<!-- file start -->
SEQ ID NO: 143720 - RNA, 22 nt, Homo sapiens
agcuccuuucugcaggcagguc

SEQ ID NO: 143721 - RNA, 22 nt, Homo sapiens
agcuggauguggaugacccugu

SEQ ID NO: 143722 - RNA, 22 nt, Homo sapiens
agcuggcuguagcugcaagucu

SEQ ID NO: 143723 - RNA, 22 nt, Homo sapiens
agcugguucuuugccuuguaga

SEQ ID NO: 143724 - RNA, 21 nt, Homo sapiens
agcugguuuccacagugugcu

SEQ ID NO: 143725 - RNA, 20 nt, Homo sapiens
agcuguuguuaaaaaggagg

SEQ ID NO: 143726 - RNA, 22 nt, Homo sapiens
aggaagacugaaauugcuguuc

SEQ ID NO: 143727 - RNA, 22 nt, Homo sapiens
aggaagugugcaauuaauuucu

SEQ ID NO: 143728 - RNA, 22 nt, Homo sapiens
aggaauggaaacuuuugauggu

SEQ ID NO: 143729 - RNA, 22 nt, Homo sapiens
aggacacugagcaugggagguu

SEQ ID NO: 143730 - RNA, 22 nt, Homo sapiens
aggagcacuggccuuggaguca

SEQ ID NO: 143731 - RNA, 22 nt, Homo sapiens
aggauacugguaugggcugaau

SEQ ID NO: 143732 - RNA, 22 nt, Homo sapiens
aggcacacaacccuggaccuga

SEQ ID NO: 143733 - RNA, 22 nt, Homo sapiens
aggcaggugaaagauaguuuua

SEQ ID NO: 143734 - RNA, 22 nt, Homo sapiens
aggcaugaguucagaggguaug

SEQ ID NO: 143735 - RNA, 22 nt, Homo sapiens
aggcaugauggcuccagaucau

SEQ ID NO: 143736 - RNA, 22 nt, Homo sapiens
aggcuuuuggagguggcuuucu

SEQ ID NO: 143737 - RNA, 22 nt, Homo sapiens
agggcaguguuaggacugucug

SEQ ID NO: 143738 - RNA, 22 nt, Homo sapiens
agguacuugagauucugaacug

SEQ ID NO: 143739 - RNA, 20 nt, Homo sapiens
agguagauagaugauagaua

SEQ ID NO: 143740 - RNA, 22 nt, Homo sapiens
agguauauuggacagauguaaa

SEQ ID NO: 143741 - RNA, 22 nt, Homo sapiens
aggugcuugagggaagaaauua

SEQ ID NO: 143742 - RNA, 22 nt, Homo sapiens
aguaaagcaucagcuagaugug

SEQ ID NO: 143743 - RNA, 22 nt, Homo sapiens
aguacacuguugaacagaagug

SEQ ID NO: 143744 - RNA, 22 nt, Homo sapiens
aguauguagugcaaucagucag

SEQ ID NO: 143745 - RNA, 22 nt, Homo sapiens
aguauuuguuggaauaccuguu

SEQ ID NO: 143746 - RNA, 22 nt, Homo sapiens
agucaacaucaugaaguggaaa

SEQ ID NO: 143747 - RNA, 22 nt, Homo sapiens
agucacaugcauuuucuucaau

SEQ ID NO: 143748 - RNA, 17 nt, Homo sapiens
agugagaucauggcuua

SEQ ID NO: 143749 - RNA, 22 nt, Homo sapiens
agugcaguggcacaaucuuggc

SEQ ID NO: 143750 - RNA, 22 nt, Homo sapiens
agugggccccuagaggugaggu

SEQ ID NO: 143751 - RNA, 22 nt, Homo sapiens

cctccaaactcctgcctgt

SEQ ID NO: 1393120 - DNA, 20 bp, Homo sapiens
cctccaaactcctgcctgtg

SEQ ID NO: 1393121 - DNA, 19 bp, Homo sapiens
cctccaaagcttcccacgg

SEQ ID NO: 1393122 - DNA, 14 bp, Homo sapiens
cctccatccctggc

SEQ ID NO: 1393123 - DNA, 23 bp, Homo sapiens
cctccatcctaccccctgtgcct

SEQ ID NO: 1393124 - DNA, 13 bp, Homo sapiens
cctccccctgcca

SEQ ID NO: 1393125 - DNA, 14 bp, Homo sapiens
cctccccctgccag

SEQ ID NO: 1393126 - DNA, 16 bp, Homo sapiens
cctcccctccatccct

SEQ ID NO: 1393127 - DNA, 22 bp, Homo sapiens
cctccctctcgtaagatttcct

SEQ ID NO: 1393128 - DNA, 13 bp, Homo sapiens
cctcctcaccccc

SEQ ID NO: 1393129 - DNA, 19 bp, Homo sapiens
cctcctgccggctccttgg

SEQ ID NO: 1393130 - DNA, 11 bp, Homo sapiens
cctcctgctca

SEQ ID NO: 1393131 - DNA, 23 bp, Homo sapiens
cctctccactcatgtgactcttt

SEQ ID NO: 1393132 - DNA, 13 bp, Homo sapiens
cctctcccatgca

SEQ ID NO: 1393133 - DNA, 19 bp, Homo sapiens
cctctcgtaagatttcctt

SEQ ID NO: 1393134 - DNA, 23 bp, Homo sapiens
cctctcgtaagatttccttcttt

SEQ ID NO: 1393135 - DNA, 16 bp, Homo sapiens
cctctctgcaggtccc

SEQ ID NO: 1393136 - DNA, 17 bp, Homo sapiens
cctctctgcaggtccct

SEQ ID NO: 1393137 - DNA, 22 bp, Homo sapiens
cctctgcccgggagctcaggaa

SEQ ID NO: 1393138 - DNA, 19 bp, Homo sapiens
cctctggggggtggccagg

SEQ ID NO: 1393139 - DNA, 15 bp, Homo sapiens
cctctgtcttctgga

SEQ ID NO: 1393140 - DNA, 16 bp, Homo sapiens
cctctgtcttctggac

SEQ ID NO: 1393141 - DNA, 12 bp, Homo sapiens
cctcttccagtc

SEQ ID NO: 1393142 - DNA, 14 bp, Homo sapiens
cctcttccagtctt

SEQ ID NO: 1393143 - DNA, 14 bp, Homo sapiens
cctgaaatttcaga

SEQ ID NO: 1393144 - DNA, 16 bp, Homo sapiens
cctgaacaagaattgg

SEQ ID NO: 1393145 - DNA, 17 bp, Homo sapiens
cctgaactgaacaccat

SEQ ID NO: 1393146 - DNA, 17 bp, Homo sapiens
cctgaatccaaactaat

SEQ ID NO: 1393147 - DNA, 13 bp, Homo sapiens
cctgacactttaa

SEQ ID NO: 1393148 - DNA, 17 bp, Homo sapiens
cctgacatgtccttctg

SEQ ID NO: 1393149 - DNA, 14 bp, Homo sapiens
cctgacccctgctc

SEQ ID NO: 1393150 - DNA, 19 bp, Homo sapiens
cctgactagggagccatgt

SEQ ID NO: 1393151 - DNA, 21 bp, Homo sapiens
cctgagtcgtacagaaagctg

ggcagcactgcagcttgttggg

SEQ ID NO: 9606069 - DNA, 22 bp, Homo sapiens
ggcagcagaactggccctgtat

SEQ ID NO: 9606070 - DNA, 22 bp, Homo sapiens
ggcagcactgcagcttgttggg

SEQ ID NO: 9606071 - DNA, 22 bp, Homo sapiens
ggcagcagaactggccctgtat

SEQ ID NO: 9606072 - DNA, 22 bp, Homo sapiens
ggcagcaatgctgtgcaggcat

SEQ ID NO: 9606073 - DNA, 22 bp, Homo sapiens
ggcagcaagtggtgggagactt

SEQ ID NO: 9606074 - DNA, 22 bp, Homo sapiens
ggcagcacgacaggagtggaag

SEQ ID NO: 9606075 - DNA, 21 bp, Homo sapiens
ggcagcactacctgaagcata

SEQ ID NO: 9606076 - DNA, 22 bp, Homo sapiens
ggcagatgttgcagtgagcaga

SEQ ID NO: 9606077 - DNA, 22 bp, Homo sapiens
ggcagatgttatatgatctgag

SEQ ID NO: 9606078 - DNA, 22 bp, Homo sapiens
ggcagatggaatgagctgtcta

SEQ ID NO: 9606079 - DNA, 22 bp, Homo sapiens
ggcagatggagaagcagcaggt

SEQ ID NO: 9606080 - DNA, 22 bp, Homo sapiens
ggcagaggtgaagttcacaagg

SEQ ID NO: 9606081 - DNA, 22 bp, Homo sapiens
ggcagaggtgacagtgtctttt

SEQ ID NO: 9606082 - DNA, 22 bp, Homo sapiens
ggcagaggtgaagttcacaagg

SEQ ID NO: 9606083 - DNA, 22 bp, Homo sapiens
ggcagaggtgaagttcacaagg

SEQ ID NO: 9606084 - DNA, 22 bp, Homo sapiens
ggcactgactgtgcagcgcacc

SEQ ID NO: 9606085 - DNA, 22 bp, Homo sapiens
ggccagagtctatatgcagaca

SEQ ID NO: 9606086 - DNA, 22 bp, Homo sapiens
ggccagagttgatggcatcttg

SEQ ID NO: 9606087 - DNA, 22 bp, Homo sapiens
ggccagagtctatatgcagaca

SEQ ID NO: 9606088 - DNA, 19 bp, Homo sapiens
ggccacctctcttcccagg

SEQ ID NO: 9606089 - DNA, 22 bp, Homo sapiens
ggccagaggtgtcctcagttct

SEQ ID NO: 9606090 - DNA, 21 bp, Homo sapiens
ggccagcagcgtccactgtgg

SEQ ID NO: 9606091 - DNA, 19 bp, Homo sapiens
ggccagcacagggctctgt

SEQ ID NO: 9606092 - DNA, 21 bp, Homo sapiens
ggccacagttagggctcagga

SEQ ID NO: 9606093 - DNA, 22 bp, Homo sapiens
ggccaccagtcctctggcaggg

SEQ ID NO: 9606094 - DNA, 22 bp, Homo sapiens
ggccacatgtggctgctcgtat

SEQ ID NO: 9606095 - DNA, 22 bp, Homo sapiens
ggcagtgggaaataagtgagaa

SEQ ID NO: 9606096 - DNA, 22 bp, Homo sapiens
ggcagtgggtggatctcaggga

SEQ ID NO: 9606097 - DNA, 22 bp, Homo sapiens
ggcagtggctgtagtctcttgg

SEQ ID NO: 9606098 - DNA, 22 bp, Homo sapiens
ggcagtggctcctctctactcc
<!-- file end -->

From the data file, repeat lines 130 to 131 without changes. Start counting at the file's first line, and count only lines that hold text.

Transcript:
SEQ ID NO: 9606069 - DNA, 22 bp, Homo sapiens
ggcagcagaactggccctgtat